The library's West Academic Study Aids subscription provides students with unlimited online access to more than 430 titles from West Academic Publishing. Over ten series are available, including Acing, Black Letter, Exam Pro, Gilberts, Sum & Substance Quick Reviews, and more. Books on academic success, bar preparation, and career success are included.
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Click the link below to access West Academic Study Aids. Be sure to create a West Academic login (this login is different from your Westlaw OnePass login). Your West Academic login will ensure off-campus access to the study aids and will also enable you to highlight titles, take notes, and save favorites.
This guide presents a selection of Restatements of the Law, Examples & Explanations, Questions & Answers, the Acing series, Short & Happy Guides, Nutshells, the Mastering series, hornbooks, and treatises that may help to clarify or explain some of the legal issues being discussed in your classes. This list is merely a starting point. Your professors, the reference librarians, or your classmates may have additional suggestions for supplementary or explanatory reading.
Restatements of the Law
Restatements are attempts by the American Law Institute (ALI) to restate, synthesize, or explicate the common law. ALI is a prestigious body of scholars and practitioners, and so their interpretation of the law has persuasive authority in the U.S. legal system. However, the Restatements are not binding legal authority. You will see references to the Restatements in your casebooks.
Examples & Explanations Series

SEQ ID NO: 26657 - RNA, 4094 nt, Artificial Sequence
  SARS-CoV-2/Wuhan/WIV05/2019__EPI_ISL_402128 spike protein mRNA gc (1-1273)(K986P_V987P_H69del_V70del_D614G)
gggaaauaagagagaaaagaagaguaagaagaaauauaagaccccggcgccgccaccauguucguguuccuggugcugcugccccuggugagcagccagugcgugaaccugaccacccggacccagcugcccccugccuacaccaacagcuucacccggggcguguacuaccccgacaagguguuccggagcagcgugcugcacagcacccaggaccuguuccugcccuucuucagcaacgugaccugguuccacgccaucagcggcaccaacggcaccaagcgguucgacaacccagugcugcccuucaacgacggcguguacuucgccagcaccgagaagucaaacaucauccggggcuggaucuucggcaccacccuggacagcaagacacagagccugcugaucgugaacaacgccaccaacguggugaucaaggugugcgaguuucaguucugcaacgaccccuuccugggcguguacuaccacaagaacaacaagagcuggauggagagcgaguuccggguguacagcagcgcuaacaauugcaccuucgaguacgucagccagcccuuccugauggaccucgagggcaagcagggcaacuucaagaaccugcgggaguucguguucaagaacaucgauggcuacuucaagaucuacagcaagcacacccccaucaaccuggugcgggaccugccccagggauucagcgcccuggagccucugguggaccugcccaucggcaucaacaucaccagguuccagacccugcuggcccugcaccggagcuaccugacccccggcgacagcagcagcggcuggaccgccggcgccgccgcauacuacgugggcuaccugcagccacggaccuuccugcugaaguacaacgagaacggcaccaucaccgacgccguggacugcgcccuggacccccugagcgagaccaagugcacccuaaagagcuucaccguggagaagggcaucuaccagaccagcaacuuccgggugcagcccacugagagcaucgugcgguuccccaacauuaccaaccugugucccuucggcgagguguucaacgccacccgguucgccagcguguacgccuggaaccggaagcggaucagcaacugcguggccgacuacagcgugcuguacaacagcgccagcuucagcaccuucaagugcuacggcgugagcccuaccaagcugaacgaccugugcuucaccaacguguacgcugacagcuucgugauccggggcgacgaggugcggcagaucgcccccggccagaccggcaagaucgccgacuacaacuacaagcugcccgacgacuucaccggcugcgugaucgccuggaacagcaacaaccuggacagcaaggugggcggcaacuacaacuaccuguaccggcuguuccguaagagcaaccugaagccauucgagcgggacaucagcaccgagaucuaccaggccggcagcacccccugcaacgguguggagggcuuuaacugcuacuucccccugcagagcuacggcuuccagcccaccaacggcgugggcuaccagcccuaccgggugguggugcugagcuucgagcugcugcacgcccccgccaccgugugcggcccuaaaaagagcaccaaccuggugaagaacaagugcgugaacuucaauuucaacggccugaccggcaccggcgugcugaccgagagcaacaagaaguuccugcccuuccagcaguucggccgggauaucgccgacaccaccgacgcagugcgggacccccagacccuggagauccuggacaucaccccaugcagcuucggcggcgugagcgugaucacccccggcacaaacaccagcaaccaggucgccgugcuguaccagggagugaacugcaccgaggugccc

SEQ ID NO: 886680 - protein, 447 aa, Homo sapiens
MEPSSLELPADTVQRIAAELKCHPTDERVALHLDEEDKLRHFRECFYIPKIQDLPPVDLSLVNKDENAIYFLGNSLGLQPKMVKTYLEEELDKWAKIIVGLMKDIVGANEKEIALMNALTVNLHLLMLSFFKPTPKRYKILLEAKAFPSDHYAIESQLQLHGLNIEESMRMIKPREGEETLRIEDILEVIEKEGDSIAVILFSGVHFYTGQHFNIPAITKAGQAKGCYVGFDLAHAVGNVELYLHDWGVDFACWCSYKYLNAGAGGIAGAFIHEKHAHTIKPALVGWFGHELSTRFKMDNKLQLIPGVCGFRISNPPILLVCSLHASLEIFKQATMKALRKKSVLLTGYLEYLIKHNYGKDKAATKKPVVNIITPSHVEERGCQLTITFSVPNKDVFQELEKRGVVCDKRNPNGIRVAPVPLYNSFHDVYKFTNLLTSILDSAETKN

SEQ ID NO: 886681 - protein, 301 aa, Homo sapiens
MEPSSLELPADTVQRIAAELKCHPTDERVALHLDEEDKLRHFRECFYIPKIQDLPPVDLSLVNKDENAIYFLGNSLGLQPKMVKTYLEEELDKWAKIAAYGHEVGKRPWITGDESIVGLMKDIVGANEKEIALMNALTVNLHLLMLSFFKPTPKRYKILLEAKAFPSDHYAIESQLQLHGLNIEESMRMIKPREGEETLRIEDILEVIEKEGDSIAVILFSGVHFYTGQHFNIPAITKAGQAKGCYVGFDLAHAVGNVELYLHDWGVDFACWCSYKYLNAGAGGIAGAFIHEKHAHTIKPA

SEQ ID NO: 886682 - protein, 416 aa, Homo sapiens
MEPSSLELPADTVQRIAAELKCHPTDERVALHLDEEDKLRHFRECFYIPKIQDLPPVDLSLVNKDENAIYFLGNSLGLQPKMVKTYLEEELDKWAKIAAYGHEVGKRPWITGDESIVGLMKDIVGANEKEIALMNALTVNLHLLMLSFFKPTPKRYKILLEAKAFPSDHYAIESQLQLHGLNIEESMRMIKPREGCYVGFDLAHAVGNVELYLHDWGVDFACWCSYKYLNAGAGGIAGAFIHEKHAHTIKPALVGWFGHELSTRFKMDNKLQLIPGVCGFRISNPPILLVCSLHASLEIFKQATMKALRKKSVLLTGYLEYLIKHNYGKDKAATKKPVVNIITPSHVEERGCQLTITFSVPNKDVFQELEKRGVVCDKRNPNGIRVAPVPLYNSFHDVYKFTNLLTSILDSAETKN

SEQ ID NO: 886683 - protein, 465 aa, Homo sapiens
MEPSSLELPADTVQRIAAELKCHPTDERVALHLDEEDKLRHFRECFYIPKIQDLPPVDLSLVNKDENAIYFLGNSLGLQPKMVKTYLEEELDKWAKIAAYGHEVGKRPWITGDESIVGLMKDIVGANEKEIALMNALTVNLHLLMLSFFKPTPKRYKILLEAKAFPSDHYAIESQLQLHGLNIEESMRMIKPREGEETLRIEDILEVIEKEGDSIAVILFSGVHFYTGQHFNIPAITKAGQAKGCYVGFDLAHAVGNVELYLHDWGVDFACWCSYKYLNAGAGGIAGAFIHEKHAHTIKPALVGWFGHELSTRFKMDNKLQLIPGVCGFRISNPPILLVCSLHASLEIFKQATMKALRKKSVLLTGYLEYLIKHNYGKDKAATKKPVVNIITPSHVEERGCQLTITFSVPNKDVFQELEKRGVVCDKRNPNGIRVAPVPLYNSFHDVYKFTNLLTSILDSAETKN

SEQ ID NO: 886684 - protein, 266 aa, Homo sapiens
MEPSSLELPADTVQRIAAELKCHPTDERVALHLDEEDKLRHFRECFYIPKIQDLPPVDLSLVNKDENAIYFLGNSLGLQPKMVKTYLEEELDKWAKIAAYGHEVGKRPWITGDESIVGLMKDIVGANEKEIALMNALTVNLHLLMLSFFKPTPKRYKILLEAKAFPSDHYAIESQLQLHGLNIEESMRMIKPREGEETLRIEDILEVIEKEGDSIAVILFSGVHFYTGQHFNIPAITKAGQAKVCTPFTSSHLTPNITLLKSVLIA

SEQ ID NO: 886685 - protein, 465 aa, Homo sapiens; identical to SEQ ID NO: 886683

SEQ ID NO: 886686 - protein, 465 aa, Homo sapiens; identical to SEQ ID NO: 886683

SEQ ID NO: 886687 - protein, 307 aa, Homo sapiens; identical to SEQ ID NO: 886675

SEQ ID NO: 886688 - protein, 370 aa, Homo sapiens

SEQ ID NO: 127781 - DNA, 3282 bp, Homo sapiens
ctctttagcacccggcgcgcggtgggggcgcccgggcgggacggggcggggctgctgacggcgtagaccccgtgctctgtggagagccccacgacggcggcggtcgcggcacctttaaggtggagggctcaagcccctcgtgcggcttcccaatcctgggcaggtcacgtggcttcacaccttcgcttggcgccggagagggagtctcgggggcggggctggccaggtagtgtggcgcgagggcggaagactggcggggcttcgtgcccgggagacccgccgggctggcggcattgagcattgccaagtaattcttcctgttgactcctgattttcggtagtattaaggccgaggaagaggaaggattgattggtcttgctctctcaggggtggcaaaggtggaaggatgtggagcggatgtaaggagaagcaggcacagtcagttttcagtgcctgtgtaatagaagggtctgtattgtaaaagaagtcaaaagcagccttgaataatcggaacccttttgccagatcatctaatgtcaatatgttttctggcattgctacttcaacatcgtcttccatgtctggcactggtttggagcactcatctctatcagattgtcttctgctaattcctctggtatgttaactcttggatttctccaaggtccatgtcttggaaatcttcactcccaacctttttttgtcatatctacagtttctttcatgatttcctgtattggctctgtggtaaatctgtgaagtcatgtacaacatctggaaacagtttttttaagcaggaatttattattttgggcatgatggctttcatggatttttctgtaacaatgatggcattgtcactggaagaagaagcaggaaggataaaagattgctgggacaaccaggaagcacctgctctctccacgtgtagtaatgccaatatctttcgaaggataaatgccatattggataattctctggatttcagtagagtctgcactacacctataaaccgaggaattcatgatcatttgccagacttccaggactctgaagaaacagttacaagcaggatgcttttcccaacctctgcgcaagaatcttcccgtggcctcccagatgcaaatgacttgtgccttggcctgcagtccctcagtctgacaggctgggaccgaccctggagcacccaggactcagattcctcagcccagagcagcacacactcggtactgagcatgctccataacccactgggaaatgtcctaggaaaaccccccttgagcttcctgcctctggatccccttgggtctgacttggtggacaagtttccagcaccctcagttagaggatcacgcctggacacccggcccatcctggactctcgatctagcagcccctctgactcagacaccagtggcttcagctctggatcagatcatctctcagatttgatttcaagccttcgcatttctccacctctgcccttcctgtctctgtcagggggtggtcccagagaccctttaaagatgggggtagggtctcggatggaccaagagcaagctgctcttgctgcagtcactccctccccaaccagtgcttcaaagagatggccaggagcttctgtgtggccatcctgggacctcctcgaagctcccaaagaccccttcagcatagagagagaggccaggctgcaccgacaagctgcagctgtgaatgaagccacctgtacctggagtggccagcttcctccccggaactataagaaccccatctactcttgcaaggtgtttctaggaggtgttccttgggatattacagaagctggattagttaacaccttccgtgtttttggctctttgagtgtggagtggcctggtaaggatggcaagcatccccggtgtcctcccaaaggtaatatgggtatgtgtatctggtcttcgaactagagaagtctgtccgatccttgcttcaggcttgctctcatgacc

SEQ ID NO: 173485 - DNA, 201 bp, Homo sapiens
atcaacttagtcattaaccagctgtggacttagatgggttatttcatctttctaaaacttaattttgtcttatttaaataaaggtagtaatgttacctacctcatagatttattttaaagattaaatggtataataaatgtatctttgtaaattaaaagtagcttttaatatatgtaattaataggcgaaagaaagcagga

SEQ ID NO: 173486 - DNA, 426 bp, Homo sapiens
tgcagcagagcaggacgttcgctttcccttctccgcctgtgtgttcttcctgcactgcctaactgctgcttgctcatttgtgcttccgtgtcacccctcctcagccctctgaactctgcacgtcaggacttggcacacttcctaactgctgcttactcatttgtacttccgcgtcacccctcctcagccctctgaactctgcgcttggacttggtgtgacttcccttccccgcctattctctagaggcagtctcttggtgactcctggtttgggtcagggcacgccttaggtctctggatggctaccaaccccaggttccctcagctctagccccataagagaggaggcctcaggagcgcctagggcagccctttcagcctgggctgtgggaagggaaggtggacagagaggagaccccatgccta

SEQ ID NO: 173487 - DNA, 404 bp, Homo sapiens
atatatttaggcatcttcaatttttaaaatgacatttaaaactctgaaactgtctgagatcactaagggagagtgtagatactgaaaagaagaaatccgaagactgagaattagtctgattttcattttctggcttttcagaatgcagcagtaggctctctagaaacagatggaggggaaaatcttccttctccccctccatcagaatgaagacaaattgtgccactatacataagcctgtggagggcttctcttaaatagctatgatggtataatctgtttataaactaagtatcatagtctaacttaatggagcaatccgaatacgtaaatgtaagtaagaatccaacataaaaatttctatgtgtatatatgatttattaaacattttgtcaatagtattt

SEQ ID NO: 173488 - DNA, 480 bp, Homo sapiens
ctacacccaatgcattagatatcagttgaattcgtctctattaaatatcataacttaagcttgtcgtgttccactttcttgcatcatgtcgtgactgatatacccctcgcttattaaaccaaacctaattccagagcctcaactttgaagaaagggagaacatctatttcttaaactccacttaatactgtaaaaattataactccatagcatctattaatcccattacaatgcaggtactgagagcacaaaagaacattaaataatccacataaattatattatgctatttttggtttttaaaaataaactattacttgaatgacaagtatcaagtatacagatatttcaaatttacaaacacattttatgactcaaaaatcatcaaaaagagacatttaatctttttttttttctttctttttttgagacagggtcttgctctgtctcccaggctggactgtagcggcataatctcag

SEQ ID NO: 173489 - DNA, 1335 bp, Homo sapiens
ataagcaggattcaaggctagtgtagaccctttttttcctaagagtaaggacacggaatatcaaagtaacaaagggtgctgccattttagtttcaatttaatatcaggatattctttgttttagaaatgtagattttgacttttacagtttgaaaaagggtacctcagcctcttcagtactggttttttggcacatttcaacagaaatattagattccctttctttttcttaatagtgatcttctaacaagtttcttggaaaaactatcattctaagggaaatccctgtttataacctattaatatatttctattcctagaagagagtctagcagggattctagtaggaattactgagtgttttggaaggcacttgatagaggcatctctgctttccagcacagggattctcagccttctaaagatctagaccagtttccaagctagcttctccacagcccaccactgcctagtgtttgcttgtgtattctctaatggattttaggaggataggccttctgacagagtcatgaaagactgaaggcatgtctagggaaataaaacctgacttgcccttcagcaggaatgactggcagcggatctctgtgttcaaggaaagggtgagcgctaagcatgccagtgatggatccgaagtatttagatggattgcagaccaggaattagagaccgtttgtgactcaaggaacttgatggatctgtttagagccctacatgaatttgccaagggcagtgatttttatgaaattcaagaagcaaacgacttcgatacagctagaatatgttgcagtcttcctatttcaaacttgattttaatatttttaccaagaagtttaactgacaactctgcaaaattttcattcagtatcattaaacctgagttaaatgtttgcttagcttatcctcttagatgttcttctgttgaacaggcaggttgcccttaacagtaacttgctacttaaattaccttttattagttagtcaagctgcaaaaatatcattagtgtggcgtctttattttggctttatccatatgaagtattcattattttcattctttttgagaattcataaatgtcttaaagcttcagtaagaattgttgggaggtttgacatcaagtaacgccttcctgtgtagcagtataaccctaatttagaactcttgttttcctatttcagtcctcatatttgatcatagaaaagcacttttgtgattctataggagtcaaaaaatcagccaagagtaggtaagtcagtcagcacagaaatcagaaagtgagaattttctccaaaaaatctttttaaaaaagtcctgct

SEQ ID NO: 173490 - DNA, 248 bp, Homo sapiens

Examples & Explanations titles are published by Aspen. This series offers hypothetical questions in the subject area, complemented by detailed explanations that allow you to test your knowledge of the topic, and compare your own analysis.
Question & Answers Series
A LexisNexis series of study guides with
The Mastering Series includes key features designed to improve learning and retention including a Roadmap (introduces the chapter and provides readers with an overview of the material that will be covered), Checkpoints (at the end of each chapter reviews the key concepts), and a Master Checklist (at the end of each book reinforces what has been covered and helps readers identify any areas that need review or further study).
In the Acing series from West, each chapter starts with a summary of the black letter law on the topic or subtopic, followed by a checklist presenting the series of issues that must be understood in order to evaluate a legal problem. There are numerous hypothetical problems in the style of law school exams, with answers. The chapters conclude with a short list of Points to Remember.
Short & Happy Guides
The aim of these guides is to present complex legal topics in simple, understandable terms, injected with humor. Popular with students, they provide exam tips and other tools to make important principles easier to remember.
Nutshells provide a concise narrative explanation of the major doctrines in each substantive area of law, and offer a good introduction to key concepts and legal terminology and jargon.
The LexisNexis Understanding series of titles, like West's Nutshells, concisely explain the basic contours of a particular area of law. The Understanding titles tend to be more extensive than the Nutshells, including references to more cases.
Hornbooks are explanatory texts that address the major questions in the areas of law that are taught in law school. As Law Librarian Bob Berring has said, most law school casebooks are "filled with questions and conundrums, not answers." One of the nice features of hornbooks is that they often provide answers and explanations to some of the conundrums presented by your casebooks. Hornbooks are not suitable for cover to cover reading. Use the table of contents, index, or table of cases to focus on your particular questions.
We have also included some of the major, frequently multiple volume, treatises that cover your first year subjects. These vary in quality and authority, but all offer an extremely detailed examination of their respective areas of law. They can be useful both for explanation and for doing research. Use the index and table of cases to find specific topics.